Congress at Home, Advocates Should Urge Action in Fall

 

Will you be meeting with you representatives this month while they are in district?  Both the U.S. Senate and House of Representatives are on recess during the month of August, resuming legislative business on Monday, September 8. While they are in their home districts and with most House Members and 27 Senators seeking reelection in November, housing and homeless advocates should take the opportunity to remind them of the work they have left to do before the end of the 113th Congress.

A top “must pass” item is the Protecting Tenants in Foreclosure Act (PTFA). The current PTF law expires at the end of 2014. Unless it is made permanent or extended by December 31, many tenants whose landlords or property owners lose their properties to foreclosure will no longer have federal protections against imminent eviction. The laws governing tenant rights will revert to the array of state laws on the status of tenants at foreclosure, most of which still offer less protection than the federal law. S. 1761 and H.R. 3543 are the two Permanently Protecting Tenants in Foreclosure bills that need a vehicle for enactment this year.

Congress also must complete its FY15 HUD and USDA Rural Housing Appropriations bills. The Senate and the House will delay finalizing these bills until after the November election, but all Members need to hear that you expect funding at the levels in the bills that have cleared the Senate Appropriations Committee.

While no further action is likely on either housing finance reform or tax reform, advocates should stress that when Congress does act on these issues in the 114th Congress that robust funding for the National Housing Trust Fund must be included.

For more information on these issues and more, go to http://nlihc.org/issues.

Meet Our Interns: Christina Payamps-Smith

The National Low Income Housing Coalition is fortunate to have great interns every semester and summer. Spring intern Christina Payamps-Smith, a master’s degree student at the University of Colorado-Colorado Springs, shares her experiences as an intern with us today.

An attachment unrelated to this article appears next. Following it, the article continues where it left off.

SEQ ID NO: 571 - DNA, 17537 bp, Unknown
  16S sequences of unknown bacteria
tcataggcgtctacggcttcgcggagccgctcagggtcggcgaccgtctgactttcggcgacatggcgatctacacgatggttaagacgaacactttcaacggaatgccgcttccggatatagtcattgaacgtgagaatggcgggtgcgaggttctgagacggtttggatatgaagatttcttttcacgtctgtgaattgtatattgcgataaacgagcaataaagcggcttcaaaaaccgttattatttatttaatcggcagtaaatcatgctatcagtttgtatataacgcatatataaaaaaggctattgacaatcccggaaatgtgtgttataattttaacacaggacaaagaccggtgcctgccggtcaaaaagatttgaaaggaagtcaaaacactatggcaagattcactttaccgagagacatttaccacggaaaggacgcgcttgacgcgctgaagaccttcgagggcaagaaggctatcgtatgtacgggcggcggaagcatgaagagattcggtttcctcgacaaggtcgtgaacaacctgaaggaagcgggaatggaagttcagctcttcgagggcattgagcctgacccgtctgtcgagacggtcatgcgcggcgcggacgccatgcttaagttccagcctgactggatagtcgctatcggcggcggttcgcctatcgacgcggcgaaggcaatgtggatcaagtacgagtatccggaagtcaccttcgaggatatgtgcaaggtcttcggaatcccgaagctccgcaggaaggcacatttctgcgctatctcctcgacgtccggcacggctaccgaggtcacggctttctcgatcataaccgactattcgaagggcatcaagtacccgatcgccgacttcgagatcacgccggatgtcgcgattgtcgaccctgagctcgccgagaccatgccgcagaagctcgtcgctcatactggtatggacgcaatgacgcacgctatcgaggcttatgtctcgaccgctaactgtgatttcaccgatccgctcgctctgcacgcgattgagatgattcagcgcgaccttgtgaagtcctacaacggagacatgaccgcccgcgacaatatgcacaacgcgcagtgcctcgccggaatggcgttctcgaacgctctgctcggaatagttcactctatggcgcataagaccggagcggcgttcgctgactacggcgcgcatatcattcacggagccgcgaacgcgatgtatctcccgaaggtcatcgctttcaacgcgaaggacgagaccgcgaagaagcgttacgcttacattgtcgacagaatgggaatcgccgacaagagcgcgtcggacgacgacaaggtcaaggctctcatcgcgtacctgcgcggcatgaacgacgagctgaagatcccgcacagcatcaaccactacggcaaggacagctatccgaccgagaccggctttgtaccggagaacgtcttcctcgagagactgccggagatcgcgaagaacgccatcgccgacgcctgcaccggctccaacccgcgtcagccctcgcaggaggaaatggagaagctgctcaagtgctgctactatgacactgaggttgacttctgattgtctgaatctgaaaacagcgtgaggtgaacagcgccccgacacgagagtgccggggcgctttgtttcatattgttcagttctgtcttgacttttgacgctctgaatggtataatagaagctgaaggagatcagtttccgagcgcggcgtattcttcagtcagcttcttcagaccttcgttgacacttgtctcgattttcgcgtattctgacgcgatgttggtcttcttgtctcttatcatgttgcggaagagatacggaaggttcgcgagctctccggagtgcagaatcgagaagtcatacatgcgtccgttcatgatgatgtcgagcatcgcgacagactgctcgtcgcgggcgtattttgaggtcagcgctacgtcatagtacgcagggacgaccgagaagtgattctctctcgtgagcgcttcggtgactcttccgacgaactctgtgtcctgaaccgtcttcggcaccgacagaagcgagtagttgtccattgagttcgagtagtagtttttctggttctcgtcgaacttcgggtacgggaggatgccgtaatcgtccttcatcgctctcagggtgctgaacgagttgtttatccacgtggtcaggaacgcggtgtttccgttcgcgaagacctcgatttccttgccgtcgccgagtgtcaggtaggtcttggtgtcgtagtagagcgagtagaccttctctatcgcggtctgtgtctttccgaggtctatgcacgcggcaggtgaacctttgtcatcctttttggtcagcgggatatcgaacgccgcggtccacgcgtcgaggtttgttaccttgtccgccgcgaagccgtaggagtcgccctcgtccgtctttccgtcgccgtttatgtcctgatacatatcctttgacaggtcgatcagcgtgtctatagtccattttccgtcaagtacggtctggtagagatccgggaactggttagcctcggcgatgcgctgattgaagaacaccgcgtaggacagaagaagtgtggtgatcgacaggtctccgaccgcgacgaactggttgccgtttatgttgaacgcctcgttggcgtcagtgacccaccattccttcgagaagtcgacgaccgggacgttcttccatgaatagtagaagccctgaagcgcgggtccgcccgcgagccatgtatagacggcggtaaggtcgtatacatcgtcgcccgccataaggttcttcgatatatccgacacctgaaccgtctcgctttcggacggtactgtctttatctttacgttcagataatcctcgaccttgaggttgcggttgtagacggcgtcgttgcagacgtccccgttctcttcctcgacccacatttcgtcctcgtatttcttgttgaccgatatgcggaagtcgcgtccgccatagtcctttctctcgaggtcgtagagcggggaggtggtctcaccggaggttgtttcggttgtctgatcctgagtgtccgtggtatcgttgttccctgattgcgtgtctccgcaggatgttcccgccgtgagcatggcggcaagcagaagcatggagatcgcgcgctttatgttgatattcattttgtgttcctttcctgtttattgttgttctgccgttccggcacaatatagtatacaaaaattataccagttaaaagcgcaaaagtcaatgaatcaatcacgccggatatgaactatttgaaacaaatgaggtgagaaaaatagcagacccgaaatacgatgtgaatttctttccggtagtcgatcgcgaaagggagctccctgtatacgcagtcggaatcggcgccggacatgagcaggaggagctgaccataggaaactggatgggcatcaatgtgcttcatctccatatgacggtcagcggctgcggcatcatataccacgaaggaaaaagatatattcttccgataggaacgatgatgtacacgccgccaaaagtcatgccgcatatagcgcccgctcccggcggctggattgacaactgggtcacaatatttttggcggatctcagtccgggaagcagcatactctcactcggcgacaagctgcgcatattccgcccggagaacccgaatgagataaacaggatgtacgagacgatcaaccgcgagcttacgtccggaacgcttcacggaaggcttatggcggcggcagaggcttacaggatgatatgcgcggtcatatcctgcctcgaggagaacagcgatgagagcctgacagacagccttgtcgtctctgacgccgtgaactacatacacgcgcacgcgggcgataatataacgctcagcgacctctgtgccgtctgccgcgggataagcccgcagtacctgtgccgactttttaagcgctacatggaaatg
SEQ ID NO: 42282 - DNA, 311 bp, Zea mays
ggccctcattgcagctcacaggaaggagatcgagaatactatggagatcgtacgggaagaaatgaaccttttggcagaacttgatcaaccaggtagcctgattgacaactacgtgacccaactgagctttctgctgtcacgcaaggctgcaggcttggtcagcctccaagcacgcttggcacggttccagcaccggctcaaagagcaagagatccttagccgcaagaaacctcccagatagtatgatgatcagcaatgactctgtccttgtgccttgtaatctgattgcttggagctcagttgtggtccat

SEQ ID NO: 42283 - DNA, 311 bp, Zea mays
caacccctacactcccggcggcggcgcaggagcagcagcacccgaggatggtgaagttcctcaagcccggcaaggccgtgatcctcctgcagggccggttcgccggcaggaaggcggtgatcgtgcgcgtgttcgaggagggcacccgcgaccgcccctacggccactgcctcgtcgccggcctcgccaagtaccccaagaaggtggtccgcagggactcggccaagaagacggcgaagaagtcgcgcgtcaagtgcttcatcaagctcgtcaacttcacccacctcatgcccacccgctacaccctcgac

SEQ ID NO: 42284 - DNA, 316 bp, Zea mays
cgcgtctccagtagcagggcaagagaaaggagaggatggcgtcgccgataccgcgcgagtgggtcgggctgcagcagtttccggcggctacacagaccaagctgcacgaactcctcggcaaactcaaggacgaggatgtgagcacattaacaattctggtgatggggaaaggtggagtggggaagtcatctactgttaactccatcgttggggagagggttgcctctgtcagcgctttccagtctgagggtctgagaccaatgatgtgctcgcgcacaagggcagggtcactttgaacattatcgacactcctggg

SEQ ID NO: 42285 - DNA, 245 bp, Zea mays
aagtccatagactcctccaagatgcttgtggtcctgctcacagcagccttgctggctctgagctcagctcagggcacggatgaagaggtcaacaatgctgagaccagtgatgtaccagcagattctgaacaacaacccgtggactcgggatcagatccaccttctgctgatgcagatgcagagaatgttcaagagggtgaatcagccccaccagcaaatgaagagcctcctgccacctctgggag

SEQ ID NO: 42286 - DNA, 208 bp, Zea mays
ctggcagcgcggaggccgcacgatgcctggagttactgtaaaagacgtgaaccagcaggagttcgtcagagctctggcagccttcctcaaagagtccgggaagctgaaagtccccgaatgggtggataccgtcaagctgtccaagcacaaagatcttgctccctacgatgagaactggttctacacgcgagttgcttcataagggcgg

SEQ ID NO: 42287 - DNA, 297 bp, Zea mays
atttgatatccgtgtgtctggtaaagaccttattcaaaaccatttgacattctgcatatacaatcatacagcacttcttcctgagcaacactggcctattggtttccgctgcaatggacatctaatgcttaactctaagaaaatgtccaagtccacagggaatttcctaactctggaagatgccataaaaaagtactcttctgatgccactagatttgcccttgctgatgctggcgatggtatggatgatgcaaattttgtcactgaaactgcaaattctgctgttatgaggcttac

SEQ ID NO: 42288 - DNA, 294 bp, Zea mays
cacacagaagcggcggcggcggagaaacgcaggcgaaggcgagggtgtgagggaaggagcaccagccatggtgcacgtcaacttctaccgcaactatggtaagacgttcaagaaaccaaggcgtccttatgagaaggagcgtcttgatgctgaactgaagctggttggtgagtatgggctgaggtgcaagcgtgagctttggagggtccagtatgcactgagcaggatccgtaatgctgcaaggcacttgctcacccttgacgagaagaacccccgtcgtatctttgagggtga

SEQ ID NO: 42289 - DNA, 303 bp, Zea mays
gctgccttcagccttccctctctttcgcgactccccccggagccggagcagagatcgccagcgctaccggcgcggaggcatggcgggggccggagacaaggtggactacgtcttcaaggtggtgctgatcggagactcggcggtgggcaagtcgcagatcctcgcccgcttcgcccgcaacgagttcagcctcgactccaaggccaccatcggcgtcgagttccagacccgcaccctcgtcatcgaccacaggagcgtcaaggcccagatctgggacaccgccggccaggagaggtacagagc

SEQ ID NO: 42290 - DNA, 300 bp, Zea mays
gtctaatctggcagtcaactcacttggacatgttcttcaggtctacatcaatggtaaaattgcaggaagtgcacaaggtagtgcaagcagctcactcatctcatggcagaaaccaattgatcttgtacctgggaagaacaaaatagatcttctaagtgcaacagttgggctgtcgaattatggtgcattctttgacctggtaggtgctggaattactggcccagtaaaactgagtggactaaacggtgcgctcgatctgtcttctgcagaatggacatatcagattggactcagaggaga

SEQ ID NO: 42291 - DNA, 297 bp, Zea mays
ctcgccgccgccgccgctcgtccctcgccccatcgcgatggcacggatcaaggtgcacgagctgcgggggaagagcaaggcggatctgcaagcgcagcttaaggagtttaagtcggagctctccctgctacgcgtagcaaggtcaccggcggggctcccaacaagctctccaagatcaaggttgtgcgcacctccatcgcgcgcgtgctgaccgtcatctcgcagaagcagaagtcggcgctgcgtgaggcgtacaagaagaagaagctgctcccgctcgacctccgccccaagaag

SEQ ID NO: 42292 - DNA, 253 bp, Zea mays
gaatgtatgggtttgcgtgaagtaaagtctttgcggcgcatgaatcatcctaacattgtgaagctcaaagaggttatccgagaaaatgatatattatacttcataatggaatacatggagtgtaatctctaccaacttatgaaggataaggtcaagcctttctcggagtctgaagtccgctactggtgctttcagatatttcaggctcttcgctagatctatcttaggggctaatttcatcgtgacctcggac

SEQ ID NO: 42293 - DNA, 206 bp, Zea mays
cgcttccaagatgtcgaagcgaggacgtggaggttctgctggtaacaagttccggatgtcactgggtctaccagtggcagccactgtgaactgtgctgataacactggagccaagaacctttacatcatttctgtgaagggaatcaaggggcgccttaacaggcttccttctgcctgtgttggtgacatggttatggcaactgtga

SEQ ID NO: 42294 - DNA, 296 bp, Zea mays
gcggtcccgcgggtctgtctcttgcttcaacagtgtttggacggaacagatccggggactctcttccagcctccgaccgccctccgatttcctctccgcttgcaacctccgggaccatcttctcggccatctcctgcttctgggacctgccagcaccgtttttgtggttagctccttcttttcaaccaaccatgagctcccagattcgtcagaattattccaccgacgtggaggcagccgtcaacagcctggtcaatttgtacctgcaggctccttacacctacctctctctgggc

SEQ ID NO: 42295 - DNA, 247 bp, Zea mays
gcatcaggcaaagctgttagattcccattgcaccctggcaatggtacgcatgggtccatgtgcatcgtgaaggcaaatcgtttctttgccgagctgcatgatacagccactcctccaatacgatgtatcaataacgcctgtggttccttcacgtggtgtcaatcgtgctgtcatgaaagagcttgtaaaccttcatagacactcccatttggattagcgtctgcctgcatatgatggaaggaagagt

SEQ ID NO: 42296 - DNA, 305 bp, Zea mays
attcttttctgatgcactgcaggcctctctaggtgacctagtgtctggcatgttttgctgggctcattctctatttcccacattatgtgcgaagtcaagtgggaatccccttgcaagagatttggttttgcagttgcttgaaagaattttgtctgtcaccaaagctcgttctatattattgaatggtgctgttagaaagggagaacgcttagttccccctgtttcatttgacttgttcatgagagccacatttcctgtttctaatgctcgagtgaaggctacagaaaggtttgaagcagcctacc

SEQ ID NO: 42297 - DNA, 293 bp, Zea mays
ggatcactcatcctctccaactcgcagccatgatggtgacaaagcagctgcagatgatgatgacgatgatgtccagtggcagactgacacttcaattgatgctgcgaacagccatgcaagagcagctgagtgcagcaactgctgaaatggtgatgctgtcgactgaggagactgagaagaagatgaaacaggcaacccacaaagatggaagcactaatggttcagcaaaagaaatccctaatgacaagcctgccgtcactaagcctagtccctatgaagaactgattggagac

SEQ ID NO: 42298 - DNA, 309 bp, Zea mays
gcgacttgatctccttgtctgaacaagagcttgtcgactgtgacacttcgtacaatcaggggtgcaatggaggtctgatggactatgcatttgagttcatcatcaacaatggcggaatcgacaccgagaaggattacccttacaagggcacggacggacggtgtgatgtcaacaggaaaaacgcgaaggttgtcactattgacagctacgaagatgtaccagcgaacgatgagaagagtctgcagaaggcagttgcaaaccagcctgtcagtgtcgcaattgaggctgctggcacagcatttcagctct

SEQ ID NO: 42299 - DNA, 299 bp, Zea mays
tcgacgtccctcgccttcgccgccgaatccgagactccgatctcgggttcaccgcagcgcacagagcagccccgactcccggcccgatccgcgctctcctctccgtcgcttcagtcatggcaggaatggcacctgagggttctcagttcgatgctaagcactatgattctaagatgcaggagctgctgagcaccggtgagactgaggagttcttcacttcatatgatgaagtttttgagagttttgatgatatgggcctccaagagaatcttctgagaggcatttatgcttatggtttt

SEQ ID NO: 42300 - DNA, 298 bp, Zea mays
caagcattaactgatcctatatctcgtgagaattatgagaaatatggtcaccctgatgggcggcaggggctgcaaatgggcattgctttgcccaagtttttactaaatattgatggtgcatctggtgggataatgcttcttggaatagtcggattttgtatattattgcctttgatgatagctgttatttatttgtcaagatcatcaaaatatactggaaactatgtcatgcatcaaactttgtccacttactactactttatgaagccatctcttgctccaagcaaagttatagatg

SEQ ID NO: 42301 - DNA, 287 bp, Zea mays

For as long as I can remember I have had an interest in social justice issues. After graduating from college, like most recent graduates, I contemplated what to do next that involved my interests. After some searching, I quickly found an AmeriCorps position with an affordable housing developer. Since this time, my interest in social justice was pointed to affordable housing.

Using this experience as a jump start, I was eager to learn more about affordable housing and the environment in which housing organizations exist. I started working on my masters in public administration to gain additional knowledge. After several family moves, I found myself living in the D.C. metro area and looking for opportunities to supplement my coursework.  In my search I came across the internship openings at NLIHC and thought, after writing multiple class papers using NLIHC’s publications as resources, that this opportunity would be a perfect fit.

The experience has already proved to be exciting just a few weeks into my internship. I have had the opportunity to attend coalition meetings, meet with Congressional staffers on Capitol Hill, attend Congressional committee hearings and interact with people who are dedicated to affordable housing. My time here has educated me on the legislative process and all the people and issues that are involved. Many of the projects that I have worked on so far challenge me to develop my skills and learn new things.

For anyone considering an internship with NLIHC, I would say it is a worthwhile experience. This internship offers an opportunity to build professional skill sets and to truly gain knowledge in all areas of affordable housing.